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Psych Test #3

Chapter 12, 9.2, 8.1-3, 13, 12

define difference between "me" and "I" -"I" = subject, thinks/experiences/acts -"me" = empirical self, object
3 parts of the empirical self -social self -> defines you in relation to others (expectations) -material self -> possessions define you -spiritual self -> traits/abilities/ambitions/emotion, intangible
3 functions of empirical self -cognitive -> interpretation -behavioral -> values drive actions -motivational -> future possible self to work toward
3 themes of the self (ABC's) affect/emotion, behavior, cognition
define the processes & goals of thinking used to integrate/operate on concepts & manipulate them
4 processes & goals of thinking -categorization -reasoning -problem-solving -decision-making
building blocks of thinking mental representations/concepts
2 representational forms forms of thinking -visual/pictorial -propositional/linguistic*
self-concept -intuitive theory of how we relate/experience/function within vast range of significance experiences & contexts -your understanding/narrative of who you are -developed/maintained through relationships with others
self-representations -capture who you've been over the years -can be contradictory = self-discrepancies -working self-concept
what 2 things does behavior depend on? person & situation
emotion ubiquitous immediate subjective evaluative responses to events
3 components of emotions -cognitive reactions -> intuitive -physiological reactions -> arousal -subjective/phenomenological experiences -> what it feels like
role of emotion appropriate patterns of responding to an event & a way to express how you're feeling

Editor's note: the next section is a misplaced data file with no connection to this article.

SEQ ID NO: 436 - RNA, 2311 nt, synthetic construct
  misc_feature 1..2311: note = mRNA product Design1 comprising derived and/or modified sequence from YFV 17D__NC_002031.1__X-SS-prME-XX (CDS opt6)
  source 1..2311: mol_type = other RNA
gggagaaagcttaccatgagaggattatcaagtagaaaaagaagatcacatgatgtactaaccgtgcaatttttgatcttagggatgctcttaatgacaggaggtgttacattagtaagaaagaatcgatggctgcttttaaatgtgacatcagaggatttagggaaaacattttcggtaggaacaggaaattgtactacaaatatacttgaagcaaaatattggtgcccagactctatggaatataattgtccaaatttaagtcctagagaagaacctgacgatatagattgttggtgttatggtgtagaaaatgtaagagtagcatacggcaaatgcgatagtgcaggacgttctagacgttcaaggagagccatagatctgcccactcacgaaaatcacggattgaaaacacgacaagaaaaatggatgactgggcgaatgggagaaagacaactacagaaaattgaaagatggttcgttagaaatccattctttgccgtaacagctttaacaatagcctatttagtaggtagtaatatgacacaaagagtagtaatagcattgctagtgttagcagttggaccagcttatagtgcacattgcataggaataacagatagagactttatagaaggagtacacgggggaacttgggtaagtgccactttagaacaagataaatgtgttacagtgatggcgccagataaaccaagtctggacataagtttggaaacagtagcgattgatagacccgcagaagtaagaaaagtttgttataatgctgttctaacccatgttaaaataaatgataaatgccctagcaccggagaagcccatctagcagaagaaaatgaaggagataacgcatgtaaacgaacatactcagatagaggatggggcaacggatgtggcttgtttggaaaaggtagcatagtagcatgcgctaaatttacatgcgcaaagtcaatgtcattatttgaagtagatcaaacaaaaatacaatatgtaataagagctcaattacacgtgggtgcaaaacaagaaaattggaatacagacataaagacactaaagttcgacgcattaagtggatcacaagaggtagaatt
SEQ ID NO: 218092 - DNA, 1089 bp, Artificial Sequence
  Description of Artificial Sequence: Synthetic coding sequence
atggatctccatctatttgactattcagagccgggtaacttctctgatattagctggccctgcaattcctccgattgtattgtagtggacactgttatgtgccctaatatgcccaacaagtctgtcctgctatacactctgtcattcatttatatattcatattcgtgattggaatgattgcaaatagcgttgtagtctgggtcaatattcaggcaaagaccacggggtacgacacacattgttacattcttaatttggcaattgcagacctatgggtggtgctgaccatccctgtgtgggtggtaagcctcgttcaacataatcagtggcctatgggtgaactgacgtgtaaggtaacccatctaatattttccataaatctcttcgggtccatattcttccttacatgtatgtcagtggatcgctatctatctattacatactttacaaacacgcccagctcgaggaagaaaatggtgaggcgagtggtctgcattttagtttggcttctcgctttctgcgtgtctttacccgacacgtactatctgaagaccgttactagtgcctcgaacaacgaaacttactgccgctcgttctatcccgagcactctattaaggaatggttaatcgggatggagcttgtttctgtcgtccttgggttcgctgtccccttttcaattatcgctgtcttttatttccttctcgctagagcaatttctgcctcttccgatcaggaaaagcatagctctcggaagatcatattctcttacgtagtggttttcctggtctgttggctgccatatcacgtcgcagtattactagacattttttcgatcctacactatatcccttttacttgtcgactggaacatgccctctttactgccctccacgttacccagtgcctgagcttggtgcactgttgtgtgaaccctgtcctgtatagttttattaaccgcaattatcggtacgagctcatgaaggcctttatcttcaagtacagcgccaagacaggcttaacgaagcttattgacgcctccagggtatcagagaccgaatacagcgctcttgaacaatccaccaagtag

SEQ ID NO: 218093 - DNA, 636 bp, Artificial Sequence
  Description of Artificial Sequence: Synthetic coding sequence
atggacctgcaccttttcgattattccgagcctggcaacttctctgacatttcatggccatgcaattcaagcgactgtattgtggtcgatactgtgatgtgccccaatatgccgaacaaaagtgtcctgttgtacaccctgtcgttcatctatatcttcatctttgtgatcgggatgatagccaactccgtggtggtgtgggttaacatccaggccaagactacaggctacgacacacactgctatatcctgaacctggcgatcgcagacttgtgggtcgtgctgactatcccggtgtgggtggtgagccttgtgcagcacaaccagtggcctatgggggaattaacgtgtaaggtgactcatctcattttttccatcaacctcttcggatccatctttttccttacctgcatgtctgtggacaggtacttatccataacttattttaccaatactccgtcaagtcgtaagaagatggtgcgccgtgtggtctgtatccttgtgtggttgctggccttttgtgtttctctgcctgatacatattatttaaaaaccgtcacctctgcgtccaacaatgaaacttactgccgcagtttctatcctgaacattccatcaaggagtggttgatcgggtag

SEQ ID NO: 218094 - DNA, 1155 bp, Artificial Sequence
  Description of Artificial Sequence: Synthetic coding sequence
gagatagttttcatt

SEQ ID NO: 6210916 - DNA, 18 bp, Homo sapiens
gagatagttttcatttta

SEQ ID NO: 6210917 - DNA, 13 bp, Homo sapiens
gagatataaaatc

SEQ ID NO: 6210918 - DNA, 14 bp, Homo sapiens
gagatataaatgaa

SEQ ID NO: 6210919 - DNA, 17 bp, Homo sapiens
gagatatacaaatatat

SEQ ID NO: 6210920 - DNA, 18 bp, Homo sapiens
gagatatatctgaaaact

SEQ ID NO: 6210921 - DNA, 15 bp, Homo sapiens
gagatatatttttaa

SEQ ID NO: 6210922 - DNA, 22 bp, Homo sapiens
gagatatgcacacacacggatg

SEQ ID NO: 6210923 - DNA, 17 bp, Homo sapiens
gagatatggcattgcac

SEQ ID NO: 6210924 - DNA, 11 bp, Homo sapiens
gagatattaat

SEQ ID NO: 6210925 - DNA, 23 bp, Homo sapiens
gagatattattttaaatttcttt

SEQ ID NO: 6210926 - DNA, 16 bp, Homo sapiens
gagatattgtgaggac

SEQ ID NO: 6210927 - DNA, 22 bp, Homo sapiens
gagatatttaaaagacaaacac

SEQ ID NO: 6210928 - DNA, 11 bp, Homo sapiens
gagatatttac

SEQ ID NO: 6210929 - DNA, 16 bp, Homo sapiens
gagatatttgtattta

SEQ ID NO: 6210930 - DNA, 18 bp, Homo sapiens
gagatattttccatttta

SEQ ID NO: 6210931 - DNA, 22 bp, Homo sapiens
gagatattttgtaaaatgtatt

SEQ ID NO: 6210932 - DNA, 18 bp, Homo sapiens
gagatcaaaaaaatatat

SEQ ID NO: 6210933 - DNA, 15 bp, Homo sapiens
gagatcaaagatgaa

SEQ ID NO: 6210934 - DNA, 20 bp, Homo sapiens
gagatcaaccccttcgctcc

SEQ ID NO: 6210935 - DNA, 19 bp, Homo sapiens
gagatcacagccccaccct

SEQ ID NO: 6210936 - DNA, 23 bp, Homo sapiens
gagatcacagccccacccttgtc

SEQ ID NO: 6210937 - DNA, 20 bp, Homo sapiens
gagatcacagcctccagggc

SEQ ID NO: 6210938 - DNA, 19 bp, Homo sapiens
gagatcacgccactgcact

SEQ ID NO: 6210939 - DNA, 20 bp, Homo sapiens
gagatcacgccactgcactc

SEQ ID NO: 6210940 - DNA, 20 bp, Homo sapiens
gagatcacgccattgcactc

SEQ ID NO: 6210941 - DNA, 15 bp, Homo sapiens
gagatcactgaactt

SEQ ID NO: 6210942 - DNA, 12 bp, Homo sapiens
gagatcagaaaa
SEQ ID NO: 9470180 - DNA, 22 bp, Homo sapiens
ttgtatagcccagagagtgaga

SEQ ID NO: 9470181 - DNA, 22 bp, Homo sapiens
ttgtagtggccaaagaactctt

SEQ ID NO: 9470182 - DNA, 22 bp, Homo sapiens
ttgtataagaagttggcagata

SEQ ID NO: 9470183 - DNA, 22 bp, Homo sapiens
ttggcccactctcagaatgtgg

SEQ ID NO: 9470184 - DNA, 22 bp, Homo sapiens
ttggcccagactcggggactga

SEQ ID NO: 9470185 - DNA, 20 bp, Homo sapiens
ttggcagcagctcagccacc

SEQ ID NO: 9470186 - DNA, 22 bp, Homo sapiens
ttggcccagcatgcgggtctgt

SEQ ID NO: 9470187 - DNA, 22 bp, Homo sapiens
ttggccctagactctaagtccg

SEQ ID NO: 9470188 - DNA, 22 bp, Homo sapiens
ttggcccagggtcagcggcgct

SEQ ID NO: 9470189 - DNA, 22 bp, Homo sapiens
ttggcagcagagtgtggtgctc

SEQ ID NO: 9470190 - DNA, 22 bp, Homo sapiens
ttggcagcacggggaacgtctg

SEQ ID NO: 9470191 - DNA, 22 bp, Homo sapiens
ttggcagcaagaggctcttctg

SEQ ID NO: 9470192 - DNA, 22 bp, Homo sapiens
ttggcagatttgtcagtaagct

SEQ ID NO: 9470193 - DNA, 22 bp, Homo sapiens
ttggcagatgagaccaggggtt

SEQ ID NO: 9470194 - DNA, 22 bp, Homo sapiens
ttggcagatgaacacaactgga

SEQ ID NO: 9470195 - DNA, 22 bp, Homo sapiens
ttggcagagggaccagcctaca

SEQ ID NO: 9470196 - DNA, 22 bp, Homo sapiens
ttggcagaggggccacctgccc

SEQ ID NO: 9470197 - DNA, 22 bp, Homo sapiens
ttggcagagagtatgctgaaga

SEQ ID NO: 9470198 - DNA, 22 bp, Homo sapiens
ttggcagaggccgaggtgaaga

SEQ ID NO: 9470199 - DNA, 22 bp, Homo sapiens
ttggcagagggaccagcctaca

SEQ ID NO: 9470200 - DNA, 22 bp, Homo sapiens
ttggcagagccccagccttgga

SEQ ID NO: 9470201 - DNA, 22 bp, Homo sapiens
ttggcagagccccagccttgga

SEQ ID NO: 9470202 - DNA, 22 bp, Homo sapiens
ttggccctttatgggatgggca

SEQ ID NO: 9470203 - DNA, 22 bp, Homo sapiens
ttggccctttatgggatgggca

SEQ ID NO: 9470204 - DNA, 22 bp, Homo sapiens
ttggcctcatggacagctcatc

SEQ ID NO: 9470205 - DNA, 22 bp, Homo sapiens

3 purposes of emotion -adaptation (e.g. fight or flight) -cognitive -> focuses attention, influence behavior, aids memory -relationships (e.g. guilt, embarrassment)
James-Lange theory -stimulus -> physiological arousal -> subjective experience -arousal directly produces emotional response
problem with James-Lange theory not enough different physiological arousal for difference experiences
Cannon-Bard theory -stimulus perceived -> physiological arousal & subjective experience -separated physiology & experience as independent processes
Schachter-Singer theory -stimulus -> physiological arousal -> cognitive interpretation -> subjective experience -experiment: saline/norepinephrine & effect of rooms
self-esteem -how you feel about your self-representations -unconscious perspectives can affect self-esteem
motivation driving force behind behavior
3 roles of motivation -activates -> initial impetus -sustains -> persistence -guides -> direction toward goals
2 types of motivation -physiologically based -> body processes that maintain homeostasis -cognitively based -> purpose of goals/motives, achievement-oriented
3 components of physiologically based motivation -instincts -> unlearned behavior triggered by outside cues -needs - deficiencies & deprivations -drives - physiological state that works to satisfy needs
2 components of cognitively based motivation -extrinsic motives -> external contingencies -intrinsic motives -> internal rewards, killed with extrinsic motives (i.e. overjustification effect)